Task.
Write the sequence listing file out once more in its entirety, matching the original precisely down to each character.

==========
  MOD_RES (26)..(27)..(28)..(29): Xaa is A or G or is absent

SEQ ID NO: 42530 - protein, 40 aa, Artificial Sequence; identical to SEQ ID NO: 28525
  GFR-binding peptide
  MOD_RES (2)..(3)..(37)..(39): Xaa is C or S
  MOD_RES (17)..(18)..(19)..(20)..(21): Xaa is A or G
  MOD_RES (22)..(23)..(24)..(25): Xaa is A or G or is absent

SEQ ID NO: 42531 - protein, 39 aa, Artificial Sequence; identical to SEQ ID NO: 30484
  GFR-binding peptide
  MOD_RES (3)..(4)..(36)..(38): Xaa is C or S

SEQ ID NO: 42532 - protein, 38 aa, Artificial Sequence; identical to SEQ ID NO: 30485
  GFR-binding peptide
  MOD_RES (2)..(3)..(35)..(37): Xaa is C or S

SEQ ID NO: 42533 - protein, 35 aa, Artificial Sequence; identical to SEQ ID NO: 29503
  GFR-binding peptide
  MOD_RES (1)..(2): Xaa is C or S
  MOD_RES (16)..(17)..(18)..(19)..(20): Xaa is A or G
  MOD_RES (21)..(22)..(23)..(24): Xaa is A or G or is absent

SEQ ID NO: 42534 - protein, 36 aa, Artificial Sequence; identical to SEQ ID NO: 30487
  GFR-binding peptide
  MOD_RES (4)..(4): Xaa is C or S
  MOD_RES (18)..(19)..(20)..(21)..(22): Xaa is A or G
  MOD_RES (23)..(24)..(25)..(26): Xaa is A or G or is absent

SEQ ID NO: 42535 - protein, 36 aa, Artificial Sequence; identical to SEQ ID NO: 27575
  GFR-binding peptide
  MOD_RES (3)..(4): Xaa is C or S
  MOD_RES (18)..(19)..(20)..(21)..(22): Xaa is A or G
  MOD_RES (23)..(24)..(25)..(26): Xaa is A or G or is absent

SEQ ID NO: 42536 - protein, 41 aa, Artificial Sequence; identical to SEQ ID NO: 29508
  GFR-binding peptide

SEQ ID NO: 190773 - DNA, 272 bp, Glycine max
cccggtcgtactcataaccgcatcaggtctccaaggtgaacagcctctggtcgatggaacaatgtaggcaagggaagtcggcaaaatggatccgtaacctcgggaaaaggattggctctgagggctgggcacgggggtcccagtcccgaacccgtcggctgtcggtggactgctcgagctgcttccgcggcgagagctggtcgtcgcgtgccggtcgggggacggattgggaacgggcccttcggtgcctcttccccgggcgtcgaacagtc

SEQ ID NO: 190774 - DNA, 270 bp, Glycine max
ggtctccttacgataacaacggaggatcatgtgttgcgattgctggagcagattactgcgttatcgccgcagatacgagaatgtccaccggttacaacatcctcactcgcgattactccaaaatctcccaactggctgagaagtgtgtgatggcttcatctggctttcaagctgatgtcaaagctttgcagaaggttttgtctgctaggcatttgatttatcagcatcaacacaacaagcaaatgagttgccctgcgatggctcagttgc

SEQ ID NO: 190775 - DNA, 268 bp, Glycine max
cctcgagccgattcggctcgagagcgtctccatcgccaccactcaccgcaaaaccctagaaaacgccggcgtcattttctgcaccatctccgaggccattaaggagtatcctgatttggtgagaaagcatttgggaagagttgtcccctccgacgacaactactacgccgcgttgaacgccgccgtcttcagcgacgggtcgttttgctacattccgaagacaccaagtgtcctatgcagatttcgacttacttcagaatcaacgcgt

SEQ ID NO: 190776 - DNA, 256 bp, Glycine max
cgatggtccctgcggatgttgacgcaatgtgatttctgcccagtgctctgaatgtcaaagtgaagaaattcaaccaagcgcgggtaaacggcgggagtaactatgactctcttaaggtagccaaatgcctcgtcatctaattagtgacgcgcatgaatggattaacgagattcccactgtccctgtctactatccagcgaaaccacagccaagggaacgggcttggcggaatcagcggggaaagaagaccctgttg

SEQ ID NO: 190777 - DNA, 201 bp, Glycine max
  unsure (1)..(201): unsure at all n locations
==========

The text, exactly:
  MOD_RES (26)..(27)..(28)..(29): Xaa is A or G or is absent

SEQ ID NO: 42530 - protein, 40 aa, Artificial Sequence; identical to SEQ ID NO: 28525
  GFR-binding peptide
  MOD_RES (2)..(3)..(37)..(39): Xaa is C or S
  MOD_RES (17)..(18)..(19)..(20)..(21): Xaa is A or G
  MOD_RES (22)..(23)..(24)..(25): Xaa is A or G or is absent

SEQ ID NO: 42531 - protein, 39 aa, Artificial Sequence; identical to SEQ ID NO: 30484
  GFR-binding peptide
  MOD_RES (3)..(4)..(36)..(38): Xaa is C or S

SEQ ID NO: 42532 - protein, 38 aa, Artificial Sequence; identical to SEQ ID NO: 30485
  GFR-binding peptide
  MOD_RES (2)..(3)..(35)..(37): Xaa is C or S

SEQ ID NO: 42533 - protein, 35 aa, Artificial Sequence; identical to SEQ ID NO: 29503
  GFR-binding peptide
  MOD_RES (1)..(2): Xaa is C or S
  MOD_RES (16)..(17)..(18)..(19)..(20): Xaa is A or G
  MOD_RES (21)..(22)..(23)..(24): Xaa is A or G or is absent

SEQ ID NO: 42534 - protein, 36 aa, Artificial Sequence; identical to SEQ ID NO: 30487
  GFR-binding peptide
  MOD_RES (4)..(4): Xaa is C or S
  MOD_RES (18)..(19)..(20)..(21)..(22): Xaa is A or G
  MOD_RES (23)..(24)..(25)..(26): Xaa is A or G or is absent

SEQ ID NO: 42535 - protein, 36 aa, Artificial Sequence; identical to SEQ ID NO: 27575
  GFR-binding peptide
  MOD_RES (3)..(4): Xaa is C or S
  MOD_RES (18)..(19)..(20)..(21)..(22): Xaa is A or G
  MOD_RES (23)..(24)..(25)..(26): Xaa is A or G or is absent

SEQ ID NO: 42536 - protein, 41 aa, Artificial Sequence; identical to SEQ ID NO: 29508
  GFR-binding peptide

SEQ ID NO: 190773 - DNA, 272 bp, Glycine max
cccggtcgtactcataaccgcatcaggtctccaaggtgaacagcctctggtcgatggaacaatgtaggcaagggaagtcggcaaaatggatccgtaacctcgggaaaaggattggctctgagggctgggcacgggggtcccagtcccgaacccgtcggctgtcggtggactgctcgagctgcttccgcggcgagagctggtcgtcgcgtgccggtcgggggacggattgggaacgggcccttcggtgcctcttccccgggcgtcgaacagtc

SEQ ID NO: 190774 - DNA, 270 bp, Glycine max
ggtctccttacgataacaacggaggatcatgtgttgcgattgctggagcagattactgcgttatcgccgcagatacgagaatgtccaccggttacaacatcctcactcgcgattactccaaaatctcccaactggctgagaagtgtgtgatggcttcatctggctttcaagctgatgtcaaagctttgcagaaggttttgtctgctaggcatttgatttatcagcatcaacacaacaagcaaatgagttgccctgcgatggctcagttgc

SEQ ID NO: 190775 - DNA, 268 bp, Glycine max
cctcgagccgattcggctcgagagcgtctccatcgccaccactcaccgcaaaaccctagaaaacgccggcgtcattttctgcaccatctccgaggccattaaggagtatcctgatttggtgagaaagcatttgggaagagttgtcccctccgacgacaactactacgccgcgttgaacgccgccgtcttcagcgacgggtcgttttgctacattccgaagacaccaagtgtcctatgcagatttcgacttacttcagaatcaacgcgt

SEQ ID NO: 190776 - DNA, 256 bp, Glycine max
cgatggtccctgcggatgttgacgcaatgtgatttctgcccagtgctctgaatgtcaaagtgaagaaattcaaccaagcgcgggtaaacggcgggagtaactatgactctcttaaggtagccaaatgcctcgtcatctaattagtgacgcgcatgaatggattaacgagattcccactgtccctgtctactatccagcgaaaccacagccaagggaacgggcttggcggaatcagcggggaaagaagaccctgttg

SEQ ID NO: 190777 - DNA, 201 bp, Glycine max
  unsure (1)..(201): unsure at all n locations